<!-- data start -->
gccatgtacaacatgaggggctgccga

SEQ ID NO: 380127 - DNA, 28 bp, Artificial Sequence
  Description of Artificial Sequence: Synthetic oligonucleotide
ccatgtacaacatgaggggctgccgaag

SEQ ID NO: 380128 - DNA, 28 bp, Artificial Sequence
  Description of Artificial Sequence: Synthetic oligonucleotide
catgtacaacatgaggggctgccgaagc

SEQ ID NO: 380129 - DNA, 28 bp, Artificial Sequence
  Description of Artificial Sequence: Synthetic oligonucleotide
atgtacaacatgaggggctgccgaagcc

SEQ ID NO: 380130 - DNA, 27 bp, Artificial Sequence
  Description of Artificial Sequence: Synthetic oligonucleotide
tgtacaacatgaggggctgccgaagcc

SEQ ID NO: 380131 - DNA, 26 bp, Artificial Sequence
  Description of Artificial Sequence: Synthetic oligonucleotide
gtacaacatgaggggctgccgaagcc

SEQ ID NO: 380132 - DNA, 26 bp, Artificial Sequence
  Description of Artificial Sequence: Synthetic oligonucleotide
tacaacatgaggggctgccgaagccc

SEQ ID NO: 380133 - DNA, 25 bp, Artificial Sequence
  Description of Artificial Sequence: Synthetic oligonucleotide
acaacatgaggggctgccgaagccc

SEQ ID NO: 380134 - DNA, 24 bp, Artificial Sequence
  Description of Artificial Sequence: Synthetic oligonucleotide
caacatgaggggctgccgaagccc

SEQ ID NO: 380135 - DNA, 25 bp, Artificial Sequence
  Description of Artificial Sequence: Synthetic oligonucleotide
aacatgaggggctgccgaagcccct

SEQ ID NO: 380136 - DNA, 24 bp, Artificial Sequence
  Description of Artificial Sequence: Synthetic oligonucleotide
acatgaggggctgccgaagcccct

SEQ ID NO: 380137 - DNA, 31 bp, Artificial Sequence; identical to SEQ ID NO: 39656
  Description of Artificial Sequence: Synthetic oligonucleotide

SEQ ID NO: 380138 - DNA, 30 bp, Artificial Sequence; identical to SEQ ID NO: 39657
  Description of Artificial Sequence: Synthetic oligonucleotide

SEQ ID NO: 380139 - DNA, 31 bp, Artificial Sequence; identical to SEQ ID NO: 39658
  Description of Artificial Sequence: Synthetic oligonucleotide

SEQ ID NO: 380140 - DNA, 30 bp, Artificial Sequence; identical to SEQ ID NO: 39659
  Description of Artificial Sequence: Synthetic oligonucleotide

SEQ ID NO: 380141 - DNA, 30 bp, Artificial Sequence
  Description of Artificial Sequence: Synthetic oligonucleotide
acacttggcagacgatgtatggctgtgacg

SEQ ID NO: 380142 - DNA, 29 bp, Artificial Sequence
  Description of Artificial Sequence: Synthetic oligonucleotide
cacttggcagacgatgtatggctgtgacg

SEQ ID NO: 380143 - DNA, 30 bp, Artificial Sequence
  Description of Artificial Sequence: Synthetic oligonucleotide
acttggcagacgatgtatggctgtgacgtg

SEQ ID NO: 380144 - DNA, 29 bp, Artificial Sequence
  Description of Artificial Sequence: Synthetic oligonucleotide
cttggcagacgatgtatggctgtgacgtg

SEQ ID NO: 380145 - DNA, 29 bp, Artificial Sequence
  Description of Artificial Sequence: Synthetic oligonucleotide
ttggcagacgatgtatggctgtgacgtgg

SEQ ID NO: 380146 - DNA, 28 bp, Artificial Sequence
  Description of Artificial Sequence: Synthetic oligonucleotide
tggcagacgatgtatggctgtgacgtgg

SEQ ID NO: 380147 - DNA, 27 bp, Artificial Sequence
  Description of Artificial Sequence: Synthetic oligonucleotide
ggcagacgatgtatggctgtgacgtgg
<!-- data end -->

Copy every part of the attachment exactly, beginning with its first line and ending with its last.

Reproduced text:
gccatgtacaacatgaggggctgccga

SEQ ID NO: 380127 - DNA, 28 bp, Artificial Sequence
  Description of Artificial Sequence: Synthetic oligonucleotide
ccatgtacaacatgaggggctgccgaag

SEQ ID NO: 380128 - DNA, 28 bp, Artificial Sequence
  Description of Artificial Sequence: Synthetic oligonucleotide
catgtacaacatgaggggctgccgaagc

SEQ ID NO: 380129 - DNA, 28 bp, Artificial Sequence
  Description of Artificial Sequence: Synthetic oligonucleotide
atgtacaacatgaggggctgccgaagcc

SEQ ID NO: 380130 - DNA, 27 bp, Artificial Sequence
  Description of Artificial Sequence: Synthetic oligonucleotide
tgtacaacatgaggggctgccgaagcc

SEQ ID NO: 380131 - DNA, 26 bp, Artificial Sequence
  Description of Artificial Sequence: Synthetic oligonucleotide
gtacaacatgaggggctgccgaagcc

SEQ ID NO: 380132 - DNA, 26 bp, Artificial Sequence
  Description of Artificial Sequence: Synthetic oligonucleotide
tacaacatgaggggctgccgaagccc

SEQ ID NO: 380133 - DNA, 25 bp, Artificial Sequence
  Description of Artificial Sequence: Synthetic oligonucleotide
acaacatgaggggctgccgaagccc

SEQ ID NO: 380134 - DNA, 24 bp, Artificial Sequence
  Description of Artificial Sequence: Synthetic oligonucleotide
caacatgaggggctgccgaagccc

SEQ ID NO: 380135 - DNA, 25 bp, Artificial Sequence
  Description of Artificial Sequence: Synthetic oligonucleotide
aacatgaggggctgccgaagcccct

SEQ ID NO: 380136 - DNA, 24 bp, Artificial Sequence
  Description of Artificial Sequence: Synthetic oligonucleotide
acatgaggggctgccgaagcccct

SEQ ID NO: 380137 - DNA, 31 bp, Artificial Sequence; identical to SEQ ID NO: 39656
  Description of Artificial Sequence: Synthetic oligonucleotide

SEQ ID NO: 380138 - DNA, 30 bp, Artificial Sequence; identical to SEQ ID NO: 39657
  Description of Artificial Sequence: Synthetic oligonucleotide

SEQ ID NO: 380139 - DNA, 31 bp, Artificial Sequence; identical to SEQ ID NO: 39658
  Description of Artificial Sequence: Synthetic oligonucleotide

SEQ ID NO: 380140 - DNA, 30 bp, Artificial Sequence; identical to SEQ ID NO: 39659
  Description of Artificial Sequence: Synthetic oligonucleotide

SEQ ID NO: 380141 - DNA, 30 bp, Artificial Sequence
  Description of Artificial Sequence: Synthetic oligonucleotide
acacttggcagacgatgtatggctgtgacg

SEQ ID NO: 380142 - DNA, 29 bp, Artificial Sequence
  Description of Artificial Sequence: Synthetic oligonucleotide
cacttggcagacgatgtatggctgtgacg

SEQ ID NO: 380143 - DNA, 30 bp, Artificial Sequence
  Description of Artificial Sequence: Synthetic oligonucleotide
acttggcagacgatgtatggctgtgacgtg

SEQ ID NO: 380144 - DNA, 29 bp, Artificial Sequence
  Description of Artificial Sequence: Synthetic oligonucleotide
cttggcagacgatgtatggctgtgacgtg

SEQ ID NO: 380145 - DNA, 29 bp, Artificial Sequence
  Description of Artificial Sequence: Synthetic oligonucleotide
ttggcagacgatgtatggctgtgacgtgg

SEQ ID NO: 380146 - DNA, 28 bp, Artificial Sequence
  Description of Artificial Sequence: Synthetic oligonucleotide
tggcagacgatgtatggctgtgacgtgg

SEQ ID NO: 380147 - DNA, 27 bp, Artificial Sequence
  Description of Artificial Sequence: Synthetic oligonucleotide
ggcagacgatgtatggctgtgacgtgg